Officials of the United Nations and the host South African government looking hard in the mirror this weekend will have to judge the World Summit on Sustainable Development a failure.
Afghanistan is beginning to look like a quagmire rather than a victory, with echoes of the confusion and uncertainty and persistent bloodshedding of Vietnam.
Despite vastly improved reconnaissance technology in the subsequent forty years, President George W. Bush, in his long-anticipated speech before the United Nations, was unable to present any clear proof that Iraq currently has weapons of mass destruction
Do UNESCO membership and a shift in attitude toward Iran signal a change of heart for the U.S. government?
What we have done since September 11 is not to make the hard choice of choosing which of our liberties we are willing to forego, but rather to sacrifice their libertiesthose of immigrants, and especially of Arab and Muslim immigrantsfor the purported security of the rest of us.
Former Chairman of the Senate Foreign Relations Committee J. William Fulbright's observations and warnings appear deeply relevant to the United States under George W. Bush, particularly in the wake of the publication last week of the administration's sweeping National Security Strategy of the United States of America and its request that Congress authorize a war resolution arguably as broad and as unilateral as the Gulf of Tonkin Resolution approved in the early stages of the Vietnam War.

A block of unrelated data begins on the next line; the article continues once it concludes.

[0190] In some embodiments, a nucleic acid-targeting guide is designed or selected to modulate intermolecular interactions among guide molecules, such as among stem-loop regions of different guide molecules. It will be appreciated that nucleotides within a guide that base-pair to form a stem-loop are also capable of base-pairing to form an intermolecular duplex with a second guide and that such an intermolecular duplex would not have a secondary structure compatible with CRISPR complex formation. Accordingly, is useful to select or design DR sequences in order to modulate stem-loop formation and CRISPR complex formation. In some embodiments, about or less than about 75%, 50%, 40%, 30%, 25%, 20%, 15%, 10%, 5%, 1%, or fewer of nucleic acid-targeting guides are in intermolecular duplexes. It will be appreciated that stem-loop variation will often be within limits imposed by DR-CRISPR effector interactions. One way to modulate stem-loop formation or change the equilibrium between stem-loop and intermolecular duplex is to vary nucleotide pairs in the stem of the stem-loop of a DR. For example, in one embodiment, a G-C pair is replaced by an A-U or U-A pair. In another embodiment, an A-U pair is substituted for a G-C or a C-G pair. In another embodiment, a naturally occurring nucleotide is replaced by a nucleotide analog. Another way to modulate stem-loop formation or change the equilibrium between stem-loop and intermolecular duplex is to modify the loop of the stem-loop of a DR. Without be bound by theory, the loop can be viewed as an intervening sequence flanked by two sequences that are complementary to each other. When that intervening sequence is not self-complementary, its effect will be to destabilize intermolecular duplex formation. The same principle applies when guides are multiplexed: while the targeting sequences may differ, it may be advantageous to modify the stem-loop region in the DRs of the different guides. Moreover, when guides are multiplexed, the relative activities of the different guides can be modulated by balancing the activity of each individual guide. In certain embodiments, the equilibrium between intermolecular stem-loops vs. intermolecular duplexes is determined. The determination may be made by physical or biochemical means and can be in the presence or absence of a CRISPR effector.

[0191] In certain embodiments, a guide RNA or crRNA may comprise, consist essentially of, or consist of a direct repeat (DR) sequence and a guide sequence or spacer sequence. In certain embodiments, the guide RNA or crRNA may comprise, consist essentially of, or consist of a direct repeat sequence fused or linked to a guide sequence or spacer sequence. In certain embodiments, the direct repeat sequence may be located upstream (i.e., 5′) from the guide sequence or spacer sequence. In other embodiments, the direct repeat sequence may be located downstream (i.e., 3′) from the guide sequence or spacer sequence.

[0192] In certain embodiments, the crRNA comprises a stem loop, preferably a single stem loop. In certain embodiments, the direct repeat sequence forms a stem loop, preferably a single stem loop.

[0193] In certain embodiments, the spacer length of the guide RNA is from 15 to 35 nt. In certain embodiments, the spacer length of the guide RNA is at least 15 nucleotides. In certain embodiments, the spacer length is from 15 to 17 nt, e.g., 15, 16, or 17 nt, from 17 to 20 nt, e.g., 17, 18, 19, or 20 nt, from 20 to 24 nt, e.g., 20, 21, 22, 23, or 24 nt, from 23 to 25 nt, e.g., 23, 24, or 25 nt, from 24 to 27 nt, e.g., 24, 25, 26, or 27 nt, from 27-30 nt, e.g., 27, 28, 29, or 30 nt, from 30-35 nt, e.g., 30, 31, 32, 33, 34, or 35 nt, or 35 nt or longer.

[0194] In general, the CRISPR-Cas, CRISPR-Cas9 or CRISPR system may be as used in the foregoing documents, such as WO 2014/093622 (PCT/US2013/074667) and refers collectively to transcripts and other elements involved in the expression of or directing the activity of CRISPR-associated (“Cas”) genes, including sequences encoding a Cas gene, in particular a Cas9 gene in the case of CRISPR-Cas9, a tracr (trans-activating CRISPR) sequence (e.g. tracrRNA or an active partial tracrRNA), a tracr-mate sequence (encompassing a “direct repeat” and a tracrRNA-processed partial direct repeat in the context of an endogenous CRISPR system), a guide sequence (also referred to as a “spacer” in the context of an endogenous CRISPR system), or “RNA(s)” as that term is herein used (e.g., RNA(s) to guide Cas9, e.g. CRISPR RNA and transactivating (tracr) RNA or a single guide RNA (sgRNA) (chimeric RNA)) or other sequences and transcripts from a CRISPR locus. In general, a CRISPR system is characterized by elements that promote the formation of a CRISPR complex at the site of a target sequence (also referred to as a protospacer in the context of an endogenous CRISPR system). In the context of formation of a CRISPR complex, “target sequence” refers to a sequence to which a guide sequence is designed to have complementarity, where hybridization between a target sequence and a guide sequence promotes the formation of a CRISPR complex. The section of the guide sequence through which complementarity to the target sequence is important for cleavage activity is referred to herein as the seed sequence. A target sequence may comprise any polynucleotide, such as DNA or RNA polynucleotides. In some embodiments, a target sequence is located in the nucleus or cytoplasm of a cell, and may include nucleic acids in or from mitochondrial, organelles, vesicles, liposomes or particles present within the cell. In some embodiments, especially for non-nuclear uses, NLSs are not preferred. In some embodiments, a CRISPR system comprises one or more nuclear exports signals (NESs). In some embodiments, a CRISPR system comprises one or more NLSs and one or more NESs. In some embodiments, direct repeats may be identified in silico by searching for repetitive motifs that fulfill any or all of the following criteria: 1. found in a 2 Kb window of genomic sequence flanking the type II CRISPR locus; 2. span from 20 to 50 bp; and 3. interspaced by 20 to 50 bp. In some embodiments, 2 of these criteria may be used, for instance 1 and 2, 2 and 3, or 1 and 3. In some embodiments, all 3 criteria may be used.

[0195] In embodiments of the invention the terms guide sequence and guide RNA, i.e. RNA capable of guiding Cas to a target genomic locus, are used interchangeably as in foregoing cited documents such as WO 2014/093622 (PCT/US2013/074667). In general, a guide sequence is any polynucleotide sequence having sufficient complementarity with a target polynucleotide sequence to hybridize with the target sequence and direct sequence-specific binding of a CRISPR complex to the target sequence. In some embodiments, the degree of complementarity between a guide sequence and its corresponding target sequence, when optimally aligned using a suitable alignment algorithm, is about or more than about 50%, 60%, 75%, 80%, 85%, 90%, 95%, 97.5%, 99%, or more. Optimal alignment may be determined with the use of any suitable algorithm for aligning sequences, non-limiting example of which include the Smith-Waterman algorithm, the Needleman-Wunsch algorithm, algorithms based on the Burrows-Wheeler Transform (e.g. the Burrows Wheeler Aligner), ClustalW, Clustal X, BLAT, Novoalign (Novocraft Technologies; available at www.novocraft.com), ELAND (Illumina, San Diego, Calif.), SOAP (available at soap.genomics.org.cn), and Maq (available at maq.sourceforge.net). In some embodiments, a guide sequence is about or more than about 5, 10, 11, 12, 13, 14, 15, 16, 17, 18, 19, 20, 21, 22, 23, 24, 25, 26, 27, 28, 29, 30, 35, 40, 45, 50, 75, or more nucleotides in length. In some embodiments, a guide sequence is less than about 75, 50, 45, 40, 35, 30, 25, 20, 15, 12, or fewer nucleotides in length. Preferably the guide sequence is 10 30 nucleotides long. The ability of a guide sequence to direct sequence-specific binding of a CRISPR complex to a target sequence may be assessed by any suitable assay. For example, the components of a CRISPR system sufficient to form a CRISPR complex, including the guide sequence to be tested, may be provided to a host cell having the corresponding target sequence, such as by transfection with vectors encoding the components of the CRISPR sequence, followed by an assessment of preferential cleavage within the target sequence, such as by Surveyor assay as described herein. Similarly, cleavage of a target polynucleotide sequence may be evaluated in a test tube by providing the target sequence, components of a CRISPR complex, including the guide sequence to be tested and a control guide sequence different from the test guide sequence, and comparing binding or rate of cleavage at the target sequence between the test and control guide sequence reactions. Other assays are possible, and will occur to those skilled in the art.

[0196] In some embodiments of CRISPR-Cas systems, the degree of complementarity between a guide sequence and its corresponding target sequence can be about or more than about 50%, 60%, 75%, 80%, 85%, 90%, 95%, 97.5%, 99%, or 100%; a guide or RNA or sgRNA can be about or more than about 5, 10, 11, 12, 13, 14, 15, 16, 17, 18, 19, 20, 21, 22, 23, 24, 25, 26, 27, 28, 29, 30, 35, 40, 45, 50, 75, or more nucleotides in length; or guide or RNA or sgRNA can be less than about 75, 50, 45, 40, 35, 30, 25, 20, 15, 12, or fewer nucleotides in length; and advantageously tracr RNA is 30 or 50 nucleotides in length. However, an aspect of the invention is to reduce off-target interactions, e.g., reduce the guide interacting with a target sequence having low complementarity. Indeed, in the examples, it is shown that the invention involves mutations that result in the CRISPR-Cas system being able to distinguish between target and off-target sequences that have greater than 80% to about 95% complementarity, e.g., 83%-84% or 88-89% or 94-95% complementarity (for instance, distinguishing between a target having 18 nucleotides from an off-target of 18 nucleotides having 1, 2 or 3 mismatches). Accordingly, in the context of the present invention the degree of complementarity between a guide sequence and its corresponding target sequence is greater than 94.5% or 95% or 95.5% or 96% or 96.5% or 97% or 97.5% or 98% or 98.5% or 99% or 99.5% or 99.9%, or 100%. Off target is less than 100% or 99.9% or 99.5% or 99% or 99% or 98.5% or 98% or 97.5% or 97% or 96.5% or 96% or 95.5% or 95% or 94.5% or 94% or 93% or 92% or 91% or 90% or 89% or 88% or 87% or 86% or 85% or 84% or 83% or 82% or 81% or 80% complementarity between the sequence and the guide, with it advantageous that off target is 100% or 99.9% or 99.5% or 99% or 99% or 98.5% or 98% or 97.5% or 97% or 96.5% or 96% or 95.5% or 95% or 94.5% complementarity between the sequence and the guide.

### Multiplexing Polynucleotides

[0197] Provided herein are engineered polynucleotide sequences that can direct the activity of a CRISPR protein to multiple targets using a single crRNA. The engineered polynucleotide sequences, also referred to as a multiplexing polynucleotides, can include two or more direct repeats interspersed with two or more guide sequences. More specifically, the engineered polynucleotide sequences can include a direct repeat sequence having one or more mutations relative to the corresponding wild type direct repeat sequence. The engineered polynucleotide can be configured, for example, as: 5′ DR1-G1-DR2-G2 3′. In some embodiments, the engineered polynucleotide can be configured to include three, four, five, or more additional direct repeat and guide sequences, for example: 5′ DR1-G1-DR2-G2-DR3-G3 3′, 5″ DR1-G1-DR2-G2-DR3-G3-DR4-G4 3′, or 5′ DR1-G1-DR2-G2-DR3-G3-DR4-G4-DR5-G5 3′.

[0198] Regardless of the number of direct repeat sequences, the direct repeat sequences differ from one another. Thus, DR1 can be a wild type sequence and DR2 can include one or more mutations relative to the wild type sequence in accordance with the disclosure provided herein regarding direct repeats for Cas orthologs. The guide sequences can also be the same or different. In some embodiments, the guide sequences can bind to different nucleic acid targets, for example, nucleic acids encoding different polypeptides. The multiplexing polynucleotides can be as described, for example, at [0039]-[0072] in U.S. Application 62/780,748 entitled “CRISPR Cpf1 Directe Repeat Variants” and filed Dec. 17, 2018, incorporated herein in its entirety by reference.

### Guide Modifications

Despite the IMF's reformist rhetoric about "bailing in" foreign investors and distributing adjustment costs more equitably, there is nothing novel about the new IMF standby credit. It is once again about bailing out banks and bondholders.
Powell's failure to obtain any assurances of further concessions by either side cannot therefore said to be a disappointment.
The current South Asian crisis seems to have ebbed, but the underlying dynamic remains.
So much for nuclear weapons as a deterrent against war